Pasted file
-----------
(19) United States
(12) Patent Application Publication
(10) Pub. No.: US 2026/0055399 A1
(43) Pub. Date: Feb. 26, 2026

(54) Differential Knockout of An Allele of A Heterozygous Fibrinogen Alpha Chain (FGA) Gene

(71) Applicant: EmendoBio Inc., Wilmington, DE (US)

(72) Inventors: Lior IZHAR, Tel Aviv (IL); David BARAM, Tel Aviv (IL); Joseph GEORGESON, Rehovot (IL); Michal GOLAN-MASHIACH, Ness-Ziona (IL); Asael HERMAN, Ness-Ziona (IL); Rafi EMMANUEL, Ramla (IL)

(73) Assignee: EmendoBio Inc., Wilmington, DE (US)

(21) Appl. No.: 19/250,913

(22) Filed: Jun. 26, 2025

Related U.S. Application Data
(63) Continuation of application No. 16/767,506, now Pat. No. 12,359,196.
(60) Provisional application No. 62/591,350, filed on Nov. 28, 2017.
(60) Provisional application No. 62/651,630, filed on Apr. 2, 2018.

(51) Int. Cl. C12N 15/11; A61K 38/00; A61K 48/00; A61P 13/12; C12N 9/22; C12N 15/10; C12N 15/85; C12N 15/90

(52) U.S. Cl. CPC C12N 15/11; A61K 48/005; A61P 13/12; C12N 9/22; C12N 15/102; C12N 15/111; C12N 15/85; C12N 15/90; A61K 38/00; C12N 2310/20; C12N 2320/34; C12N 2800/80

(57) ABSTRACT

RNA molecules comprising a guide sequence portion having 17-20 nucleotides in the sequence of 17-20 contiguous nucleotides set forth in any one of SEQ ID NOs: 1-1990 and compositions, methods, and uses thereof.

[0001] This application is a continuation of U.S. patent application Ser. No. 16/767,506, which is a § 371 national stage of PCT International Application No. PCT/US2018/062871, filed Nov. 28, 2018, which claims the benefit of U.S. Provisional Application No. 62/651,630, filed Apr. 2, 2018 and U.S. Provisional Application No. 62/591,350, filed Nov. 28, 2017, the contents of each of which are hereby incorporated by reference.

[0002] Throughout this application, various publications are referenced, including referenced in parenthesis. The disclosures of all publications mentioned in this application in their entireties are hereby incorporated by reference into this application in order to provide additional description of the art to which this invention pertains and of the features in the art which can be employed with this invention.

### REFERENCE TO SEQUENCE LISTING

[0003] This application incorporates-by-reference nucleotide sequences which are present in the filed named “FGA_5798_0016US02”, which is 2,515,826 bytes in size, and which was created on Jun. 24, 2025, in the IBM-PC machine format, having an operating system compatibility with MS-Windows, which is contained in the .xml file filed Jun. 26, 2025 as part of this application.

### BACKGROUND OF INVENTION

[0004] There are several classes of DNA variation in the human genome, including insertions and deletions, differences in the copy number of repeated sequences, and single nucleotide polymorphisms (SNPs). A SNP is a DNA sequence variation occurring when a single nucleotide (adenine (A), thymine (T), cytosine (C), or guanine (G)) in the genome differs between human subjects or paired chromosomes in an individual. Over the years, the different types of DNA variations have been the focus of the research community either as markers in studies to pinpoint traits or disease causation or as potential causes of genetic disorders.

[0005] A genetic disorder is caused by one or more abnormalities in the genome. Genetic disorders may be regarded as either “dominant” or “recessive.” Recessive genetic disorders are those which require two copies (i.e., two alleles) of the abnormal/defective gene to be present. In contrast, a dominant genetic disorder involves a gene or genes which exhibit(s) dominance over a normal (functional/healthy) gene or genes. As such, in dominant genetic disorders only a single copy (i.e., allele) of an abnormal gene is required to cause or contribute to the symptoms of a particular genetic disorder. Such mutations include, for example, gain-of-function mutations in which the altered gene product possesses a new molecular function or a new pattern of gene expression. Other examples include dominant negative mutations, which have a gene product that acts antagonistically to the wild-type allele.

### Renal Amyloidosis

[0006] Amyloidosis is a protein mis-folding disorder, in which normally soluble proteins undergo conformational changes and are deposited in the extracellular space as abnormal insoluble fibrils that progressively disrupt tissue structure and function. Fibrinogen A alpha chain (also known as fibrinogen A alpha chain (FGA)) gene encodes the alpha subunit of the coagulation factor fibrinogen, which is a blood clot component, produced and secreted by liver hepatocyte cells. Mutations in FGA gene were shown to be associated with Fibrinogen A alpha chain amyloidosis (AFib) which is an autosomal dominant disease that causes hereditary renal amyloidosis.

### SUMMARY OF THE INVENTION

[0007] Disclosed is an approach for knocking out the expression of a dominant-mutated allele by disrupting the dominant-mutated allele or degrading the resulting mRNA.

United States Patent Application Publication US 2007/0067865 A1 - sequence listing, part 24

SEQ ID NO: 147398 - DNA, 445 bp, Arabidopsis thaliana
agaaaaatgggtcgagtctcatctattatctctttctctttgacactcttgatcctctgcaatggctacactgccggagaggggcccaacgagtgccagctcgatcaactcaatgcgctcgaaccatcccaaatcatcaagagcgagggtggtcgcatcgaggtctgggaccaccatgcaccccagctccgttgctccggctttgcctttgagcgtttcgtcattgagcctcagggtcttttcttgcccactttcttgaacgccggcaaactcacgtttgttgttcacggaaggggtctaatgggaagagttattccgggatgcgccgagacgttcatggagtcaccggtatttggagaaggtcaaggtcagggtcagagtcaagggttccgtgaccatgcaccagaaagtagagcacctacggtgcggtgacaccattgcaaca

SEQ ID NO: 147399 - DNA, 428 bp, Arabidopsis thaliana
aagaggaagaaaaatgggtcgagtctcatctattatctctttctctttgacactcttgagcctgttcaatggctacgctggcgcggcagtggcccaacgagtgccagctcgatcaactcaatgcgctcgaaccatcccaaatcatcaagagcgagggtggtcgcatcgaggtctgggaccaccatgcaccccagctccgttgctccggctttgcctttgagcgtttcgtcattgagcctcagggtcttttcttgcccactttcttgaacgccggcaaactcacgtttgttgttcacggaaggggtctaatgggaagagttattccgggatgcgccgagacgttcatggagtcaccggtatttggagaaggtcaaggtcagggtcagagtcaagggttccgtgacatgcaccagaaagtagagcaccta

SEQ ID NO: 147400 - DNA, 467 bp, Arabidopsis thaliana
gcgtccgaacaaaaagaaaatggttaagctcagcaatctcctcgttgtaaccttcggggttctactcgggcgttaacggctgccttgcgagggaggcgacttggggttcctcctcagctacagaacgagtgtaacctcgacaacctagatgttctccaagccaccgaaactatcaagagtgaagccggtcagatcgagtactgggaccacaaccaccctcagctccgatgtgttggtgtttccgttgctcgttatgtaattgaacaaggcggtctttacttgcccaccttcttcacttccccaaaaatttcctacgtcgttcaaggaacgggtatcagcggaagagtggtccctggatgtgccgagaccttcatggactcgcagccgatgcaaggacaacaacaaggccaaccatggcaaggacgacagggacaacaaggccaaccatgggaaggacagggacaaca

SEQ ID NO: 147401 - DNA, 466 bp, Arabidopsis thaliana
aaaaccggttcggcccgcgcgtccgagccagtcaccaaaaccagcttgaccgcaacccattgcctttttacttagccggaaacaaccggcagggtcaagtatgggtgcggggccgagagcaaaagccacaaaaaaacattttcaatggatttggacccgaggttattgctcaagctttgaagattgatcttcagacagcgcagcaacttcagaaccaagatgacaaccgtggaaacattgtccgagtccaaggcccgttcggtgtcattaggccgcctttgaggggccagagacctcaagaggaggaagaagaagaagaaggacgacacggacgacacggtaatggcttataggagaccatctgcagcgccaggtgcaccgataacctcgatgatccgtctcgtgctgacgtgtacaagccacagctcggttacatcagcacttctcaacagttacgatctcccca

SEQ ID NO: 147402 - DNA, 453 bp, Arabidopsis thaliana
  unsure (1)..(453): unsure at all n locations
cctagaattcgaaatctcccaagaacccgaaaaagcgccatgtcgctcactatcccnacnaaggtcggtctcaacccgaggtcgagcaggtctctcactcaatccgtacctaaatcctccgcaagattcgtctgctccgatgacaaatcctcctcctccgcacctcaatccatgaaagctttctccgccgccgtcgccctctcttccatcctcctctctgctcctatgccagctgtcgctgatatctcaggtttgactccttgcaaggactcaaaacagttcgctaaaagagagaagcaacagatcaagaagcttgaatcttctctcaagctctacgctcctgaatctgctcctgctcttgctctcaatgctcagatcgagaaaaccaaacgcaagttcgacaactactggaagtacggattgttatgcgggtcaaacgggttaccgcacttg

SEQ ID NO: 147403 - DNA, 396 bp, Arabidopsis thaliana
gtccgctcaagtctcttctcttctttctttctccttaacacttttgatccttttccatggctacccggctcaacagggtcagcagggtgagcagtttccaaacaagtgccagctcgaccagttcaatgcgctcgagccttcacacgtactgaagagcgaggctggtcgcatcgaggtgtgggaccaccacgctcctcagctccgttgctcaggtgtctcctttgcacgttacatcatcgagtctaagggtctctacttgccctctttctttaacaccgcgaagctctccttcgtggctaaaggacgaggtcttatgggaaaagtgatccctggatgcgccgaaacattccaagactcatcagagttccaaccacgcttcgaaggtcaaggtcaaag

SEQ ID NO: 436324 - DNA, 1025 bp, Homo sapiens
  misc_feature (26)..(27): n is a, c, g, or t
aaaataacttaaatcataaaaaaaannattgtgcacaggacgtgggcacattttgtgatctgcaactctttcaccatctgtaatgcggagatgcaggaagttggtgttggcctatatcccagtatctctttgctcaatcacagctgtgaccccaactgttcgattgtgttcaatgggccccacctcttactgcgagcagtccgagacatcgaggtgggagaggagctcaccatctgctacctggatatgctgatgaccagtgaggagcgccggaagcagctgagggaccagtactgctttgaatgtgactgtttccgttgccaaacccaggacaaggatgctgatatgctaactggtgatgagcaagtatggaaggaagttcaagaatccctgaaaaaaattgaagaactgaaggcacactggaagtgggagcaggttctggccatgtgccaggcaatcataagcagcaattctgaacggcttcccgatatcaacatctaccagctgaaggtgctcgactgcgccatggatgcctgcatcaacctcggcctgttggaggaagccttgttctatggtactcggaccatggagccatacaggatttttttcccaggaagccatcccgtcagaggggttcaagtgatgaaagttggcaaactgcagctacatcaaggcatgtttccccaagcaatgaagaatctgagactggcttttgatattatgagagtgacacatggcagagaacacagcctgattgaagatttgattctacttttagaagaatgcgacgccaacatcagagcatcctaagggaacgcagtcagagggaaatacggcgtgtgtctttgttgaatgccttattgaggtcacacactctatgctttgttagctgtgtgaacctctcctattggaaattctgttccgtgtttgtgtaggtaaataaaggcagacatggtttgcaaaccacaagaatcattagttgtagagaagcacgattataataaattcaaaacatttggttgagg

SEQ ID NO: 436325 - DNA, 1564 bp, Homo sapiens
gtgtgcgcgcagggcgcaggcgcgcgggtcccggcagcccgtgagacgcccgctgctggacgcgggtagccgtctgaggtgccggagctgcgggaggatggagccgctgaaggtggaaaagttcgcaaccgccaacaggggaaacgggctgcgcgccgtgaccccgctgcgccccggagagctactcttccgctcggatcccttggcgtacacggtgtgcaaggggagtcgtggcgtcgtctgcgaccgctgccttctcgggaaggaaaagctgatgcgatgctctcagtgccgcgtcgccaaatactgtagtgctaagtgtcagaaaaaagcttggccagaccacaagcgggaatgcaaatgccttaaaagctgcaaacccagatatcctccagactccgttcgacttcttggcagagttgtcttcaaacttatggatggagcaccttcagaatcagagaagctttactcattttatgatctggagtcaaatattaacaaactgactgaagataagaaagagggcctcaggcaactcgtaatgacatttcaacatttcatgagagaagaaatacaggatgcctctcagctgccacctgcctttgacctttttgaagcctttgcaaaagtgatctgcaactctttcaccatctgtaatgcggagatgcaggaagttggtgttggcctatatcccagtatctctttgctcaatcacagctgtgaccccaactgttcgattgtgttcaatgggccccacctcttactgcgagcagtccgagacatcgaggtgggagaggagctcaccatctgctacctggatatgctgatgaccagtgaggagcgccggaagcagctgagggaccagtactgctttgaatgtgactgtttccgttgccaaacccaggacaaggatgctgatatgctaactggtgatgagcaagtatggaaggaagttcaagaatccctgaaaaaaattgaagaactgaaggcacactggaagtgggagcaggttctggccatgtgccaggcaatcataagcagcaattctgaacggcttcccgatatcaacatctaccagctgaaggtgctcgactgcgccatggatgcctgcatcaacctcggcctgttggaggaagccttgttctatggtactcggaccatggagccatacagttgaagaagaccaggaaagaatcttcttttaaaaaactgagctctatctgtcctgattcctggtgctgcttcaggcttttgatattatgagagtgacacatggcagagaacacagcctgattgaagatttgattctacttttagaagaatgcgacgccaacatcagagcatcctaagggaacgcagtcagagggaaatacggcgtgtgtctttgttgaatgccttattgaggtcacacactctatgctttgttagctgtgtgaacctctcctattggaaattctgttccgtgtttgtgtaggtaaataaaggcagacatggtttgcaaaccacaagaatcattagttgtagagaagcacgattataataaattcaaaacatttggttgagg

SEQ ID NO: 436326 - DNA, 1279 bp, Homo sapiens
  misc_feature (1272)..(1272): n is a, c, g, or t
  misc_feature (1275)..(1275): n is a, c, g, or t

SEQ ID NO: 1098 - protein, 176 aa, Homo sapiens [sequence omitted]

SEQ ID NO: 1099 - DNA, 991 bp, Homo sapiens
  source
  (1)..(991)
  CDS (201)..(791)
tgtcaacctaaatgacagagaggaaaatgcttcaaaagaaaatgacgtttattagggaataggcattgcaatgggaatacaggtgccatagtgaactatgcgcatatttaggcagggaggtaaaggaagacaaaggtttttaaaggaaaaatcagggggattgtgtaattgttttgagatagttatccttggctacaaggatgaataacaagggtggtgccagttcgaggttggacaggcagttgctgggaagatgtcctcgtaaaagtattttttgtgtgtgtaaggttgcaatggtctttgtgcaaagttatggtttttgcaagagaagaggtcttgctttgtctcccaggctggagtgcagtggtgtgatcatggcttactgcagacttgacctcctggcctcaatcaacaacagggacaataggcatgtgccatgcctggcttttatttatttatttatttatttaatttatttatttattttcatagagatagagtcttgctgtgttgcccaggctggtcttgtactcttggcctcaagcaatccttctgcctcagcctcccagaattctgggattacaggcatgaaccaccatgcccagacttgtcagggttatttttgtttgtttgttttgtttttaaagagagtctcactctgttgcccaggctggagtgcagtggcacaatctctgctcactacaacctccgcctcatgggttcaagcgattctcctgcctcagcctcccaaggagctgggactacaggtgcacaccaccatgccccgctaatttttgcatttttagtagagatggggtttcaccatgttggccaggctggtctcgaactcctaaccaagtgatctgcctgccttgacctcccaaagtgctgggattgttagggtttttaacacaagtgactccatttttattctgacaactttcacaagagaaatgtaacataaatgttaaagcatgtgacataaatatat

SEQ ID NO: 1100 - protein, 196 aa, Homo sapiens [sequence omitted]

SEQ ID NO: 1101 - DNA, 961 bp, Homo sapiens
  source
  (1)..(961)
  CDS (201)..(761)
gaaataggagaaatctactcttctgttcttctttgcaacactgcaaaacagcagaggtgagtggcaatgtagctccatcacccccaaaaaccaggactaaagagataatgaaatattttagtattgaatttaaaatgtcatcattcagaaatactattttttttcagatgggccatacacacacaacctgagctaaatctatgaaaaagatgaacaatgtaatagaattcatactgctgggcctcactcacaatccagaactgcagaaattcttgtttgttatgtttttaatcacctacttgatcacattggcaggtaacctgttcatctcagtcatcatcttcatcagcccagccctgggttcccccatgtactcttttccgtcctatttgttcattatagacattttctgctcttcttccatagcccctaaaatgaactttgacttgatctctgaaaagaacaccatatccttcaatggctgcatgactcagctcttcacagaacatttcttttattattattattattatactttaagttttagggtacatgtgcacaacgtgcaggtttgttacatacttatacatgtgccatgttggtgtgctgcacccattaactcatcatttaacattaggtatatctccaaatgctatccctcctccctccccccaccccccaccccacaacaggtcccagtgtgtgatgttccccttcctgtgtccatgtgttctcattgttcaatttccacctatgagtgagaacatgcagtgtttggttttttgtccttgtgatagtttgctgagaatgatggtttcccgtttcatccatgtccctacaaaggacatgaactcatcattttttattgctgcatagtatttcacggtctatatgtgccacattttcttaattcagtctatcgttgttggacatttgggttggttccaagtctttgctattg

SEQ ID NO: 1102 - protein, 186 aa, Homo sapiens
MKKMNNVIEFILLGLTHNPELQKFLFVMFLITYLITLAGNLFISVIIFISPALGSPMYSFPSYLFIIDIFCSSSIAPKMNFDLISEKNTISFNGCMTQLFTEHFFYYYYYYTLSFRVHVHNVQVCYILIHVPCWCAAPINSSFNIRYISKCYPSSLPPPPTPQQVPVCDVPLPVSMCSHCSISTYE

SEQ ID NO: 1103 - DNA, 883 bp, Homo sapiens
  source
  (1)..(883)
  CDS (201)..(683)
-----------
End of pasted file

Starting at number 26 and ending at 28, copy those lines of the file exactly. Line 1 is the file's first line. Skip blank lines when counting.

### Renal Amyloidosis

[0006] Amyloidosis is a protein mis-folding disorder, in which normally soluble proteins undergo conformational changes and are deposited in the extracellular space as abnormal insoluble fibrils that progressively disrupt tissue structure and function. Fibrinogen A alpha chain (also known as fibrinogen A alpha chain (FGA)) gene encodes the alpha subunit of the coagulation factor fibrinogen, which is a blood clot component, produced and secreted by liver hepatocyte cells. Mutations in FGA gene were shown to be associated with Fibrinogen A alpha chain amyloidosis (AFib) which is an autosomal dominant disease that causes hereditary renal amyloidosis.

### SUMMARY OF THE INVENTION